A User's Guide to Fighting Spam, Cybercrime & Badware
October 2008 is National Cyber Security Awareness Month in the U.S. And awareness (or the lack thereof) is indeed a big issue, to judge from a recent poll of 592 security professionals by the Internet Storm Center (ISC) 's SANS (SysAdmin, Audit, Network, Security) Institute, which asked, "What activities are you having for Cyber Security Awareness Month?"
So much for us security professionals. What can the average end-user do to enhance his or her security awareness? For starters, you can go to hostexploit.com. Our "Reporting cyber crime" page lists resources for most countries. What various law enforcement agencies can offer varies from country to country and, in the U.S., from state to state.
One of the best places to start is with the Department of Homeland Security. You can report an "incident" through its U.S. Computer Emergency Readiness Team (US-CERT) here.
So what is an incident? A good but fairly general definition of an incident is the act of violating an explicit or implied security policy. This can include:
- Hacking your PC, work/home network, or Website.
- Denial of service (DOS). However, check with your local ISP first, which, 99 percent of the time, is responsible for service lapses.
- Unauthorized use of a system for processing or storing data. In other words, your PC is a "zombie," i.e., it has been hijacked and become part of a botnet.
- Changes to your system without your consent. StopBadware probably has the best description: "If a PC application acts deceptively or irreversibly," i.e., badware, malware, and/or spyware.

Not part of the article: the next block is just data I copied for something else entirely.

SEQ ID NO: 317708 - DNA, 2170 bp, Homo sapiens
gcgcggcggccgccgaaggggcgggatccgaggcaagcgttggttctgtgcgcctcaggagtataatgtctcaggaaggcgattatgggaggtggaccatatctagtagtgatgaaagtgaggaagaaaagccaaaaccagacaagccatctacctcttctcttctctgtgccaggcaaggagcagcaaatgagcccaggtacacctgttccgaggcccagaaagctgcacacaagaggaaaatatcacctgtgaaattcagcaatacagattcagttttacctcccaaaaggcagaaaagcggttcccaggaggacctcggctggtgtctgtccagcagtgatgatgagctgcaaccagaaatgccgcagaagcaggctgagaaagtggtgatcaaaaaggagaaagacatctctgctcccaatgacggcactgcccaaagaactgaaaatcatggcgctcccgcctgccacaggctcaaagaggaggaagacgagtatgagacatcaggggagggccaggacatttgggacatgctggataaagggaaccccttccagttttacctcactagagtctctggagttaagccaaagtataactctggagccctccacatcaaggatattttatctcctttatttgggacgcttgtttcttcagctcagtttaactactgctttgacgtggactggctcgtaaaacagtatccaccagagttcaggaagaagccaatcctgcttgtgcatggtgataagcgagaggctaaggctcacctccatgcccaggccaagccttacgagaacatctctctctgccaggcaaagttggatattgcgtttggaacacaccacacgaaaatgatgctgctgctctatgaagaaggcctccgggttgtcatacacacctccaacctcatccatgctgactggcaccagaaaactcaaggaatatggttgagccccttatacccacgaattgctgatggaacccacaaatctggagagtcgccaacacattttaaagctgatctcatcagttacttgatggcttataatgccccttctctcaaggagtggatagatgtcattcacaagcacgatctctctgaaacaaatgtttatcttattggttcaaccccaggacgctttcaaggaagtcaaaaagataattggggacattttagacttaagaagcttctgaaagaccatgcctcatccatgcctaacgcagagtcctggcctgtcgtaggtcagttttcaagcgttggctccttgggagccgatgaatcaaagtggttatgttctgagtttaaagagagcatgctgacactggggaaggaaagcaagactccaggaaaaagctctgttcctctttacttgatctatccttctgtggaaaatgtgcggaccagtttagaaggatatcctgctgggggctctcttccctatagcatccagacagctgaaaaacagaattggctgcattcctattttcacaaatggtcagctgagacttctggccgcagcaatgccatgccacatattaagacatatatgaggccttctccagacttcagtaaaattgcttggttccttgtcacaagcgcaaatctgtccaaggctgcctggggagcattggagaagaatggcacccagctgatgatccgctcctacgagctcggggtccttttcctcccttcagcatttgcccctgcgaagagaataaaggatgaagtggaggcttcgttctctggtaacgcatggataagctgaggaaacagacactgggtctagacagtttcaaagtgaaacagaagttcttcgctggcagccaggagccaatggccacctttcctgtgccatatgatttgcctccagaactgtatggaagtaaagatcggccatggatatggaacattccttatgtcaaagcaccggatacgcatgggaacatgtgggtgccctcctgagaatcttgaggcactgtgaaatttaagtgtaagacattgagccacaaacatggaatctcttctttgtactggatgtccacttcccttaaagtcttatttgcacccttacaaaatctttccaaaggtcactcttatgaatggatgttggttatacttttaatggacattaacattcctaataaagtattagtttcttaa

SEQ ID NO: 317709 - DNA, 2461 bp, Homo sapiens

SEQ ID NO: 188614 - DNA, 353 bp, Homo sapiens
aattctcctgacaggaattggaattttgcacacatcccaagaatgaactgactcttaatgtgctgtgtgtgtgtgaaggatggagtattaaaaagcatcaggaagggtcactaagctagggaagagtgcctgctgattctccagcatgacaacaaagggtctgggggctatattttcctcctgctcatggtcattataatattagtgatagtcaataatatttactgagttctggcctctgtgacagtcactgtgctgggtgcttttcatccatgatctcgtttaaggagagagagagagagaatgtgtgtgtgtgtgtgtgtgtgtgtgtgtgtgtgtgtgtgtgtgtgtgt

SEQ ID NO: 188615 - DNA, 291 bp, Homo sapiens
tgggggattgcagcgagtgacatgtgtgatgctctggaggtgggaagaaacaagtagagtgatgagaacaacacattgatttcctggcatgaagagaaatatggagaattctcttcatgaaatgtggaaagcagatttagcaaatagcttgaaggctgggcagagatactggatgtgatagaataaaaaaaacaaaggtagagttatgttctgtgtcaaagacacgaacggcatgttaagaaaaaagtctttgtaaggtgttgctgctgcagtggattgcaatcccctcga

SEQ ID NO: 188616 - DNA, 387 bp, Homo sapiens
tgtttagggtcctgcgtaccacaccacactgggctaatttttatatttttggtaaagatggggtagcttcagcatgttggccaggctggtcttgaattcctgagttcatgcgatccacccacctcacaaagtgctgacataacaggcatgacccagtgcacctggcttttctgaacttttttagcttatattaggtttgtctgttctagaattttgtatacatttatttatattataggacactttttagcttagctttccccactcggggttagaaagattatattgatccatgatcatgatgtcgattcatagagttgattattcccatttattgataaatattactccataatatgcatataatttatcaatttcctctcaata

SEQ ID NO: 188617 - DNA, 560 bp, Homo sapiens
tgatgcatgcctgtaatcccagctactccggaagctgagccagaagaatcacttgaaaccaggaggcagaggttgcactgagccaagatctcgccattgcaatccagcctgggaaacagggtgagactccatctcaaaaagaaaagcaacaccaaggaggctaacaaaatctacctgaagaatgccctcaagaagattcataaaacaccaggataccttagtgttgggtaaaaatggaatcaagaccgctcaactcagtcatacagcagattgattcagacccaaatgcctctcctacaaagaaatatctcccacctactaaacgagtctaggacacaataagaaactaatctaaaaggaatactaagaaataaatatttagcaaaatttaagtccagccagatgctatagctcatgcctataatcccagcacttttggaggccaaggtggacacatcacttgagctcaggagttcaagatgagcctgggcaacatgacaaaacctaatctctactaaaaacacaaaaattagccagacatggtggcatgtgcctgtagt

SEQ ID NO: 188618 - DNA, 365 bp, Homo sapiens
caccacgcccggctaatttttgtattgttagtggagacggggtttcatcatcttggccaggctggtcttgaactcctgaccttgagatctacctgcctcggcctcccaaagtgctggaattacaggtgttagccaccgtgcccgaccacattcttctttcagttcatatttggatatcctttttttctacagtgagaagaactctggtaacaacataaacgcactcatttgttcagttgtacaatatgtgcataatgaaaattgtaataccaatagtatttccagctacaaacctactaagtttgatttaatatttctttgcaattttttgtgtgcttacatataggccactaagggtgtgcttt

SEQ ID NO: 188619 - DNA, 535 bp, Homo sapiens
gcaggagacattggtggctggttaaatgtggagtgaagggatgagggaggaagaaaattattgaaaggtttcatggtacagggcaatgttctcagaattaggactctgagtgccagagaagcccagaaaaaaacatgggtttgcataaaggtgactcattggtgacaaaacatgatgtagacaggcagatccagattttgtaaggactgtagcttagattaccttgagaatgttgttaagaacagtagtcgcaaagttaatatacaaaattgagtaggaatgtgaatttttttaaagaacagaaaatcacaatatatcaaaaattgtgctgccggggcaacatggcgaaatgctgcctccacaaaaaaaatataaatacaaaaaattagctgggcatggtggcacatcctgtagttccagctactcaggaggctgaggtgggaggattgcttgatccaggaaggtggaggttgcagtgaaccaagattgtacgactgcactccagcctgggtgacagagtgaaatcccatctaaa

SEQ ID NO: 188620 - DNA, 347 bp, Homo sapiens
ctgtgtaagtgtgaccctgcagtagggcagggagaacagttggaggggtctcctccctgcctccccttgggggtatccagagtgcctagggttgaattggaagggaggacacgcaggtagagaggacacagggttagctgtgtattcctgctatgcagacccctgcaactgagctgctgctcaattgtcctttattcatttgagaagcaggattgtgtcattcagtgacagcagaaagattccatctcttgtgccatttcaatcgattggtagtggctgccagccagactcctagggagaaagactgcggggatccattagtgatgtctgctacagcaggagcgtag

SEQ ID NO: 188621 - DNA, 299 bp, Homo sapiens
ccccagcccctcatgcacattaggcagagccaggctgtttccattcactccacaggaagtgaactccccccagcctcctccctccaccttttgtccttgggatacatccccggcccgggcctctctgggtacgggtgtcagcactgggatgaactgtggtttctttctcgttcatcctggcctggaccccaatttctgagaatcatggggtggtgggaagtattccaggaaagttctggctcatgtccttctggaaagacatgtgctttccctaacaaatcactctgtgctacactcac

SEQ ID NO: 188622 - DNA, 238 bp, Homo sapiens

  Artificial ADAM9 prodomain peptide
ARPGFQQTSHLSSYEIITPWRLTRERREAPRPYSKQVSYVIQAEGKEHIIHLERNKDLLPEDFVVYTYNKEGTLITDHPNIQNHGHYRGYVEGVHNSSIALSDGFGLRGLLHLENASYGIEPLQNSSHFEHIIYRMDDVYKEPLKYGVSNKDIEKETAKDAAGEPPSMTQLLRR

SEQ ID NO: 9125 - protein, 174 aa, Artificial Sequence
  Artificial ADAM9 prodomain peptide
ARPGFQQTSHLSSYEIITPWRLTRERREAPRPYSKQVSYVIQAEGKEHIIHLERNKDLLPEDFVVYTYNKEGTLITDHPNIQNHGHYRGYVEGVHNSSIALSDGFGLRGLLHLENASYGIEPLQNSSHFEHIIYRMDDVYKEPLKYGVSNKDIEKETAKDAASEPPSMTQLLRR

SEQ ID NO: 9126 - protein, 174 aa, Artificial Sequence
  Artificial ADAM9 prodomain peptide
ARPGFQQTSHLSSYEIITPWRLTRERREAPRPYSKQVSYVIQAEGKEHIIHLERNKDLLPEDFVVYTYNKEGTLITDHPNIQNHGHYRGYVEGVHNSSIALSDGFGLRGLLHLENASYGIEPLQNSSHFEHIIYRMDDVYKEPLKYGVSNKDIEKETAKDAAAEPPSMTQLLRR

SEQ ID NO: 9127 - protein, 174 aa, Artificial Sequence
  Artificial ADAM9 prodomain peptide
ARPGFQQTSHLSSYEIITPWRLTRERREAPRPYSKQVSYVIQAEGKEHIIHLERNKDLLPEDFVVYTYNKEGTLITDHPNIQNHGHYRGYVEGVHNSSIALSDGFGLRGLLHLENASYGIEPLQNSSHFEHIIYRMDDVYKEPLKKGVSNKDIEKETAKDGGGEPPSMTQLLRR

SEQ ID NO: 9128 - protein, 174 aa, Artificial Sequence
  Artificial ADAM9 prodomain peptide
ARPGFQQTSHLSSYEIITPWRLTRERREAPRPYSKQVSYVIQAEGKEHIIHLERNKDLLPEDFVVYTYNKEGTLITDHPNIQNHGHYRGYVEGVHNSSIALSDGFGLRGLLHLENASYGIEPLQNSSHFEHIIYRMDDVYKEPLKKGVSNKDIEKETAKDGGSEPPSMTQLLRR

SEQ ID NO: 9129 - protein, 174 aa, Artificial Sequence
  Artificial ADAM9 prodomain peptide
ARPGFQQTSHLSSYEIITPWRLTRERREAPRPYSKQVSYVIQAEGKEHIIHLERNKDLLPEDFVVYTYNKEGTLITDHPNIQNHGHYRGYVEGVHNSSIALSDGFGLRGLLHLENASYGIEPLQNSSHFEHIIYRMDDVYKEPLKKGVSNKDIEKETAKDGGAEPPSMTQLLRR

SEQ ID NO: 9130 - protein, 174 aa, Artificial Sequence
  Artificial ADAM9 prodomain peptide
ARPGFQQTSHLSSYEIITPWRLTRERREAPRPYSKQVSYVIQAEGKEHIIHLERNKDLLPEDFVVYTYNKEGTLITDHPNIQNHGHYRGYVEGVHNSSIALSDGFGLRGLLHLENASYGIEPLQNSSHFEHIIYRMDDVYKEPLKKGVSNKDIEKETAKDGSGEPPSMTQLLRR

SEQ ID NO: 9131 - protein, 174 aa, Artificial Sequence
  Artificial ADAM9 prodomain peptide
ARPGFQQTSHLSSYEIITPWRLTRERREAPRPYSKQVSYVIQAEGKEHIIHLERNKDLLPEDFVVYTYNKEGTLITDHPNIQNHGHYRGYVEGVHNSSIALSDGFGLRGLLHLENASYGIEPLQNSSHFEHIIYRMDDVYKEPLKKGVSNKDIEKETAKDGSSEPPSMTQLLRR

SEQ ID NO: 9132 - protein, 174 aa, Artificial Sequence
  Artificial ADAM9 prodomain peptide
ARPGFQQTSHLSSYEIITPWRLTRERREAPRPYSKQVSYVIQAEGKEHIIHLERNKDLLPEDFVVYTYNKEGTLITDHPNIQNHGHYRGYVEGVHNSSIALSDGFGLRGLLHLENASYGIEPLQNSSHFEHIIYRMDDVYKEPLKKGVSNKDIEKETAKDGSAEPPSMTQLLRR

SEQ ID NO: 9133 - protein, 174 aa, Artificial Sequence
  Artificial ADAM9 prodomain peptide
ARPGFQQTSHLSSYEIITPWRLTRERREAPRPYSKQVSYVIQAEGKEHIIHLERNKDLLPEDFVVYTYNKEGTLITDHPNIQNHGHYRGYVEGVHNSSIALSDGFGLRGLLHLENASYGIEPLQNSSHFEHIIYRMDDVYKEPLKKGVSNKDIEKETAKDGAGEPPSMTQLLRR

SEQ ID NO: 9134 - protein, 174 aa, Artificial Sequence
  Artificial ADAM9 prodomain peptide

Are you protected against bots? Check out IE's botnet video tutorial
There are other concerns you may have or want to report or share with the community. For the very serious and real problem of illegal content and online child abuse, contact the National Center for Missing and Exploited Children.
Cyber squatters may also commandeer your company’s ID or personal name, as sport celebrities like soccer stars Ronaldino and Wayne Rooney have discovered. The World Intellectual Property Organization (WIPO) can help here: It costs $1,500, but the organization does work for regular Netizens, not just the rich and famous.
There are also numerous security forums and communities that discuss hacked Webmasters, identify spyware, check fraudulent Websites, track spam, or simply instruct and inform. Some of the best include:
StaySafeOnline.org is another good resource for keeping yourself safe on the Internet. I also use the best "freebies," like OpenDNS, where I control the content I want; and I only use Firefox for browsing with add-ons such as NoScript, anti-keyloggers, and cookie control.
Do I sound paranoid? That may be. But I also know some cyber criminal is trying to steal my personal data.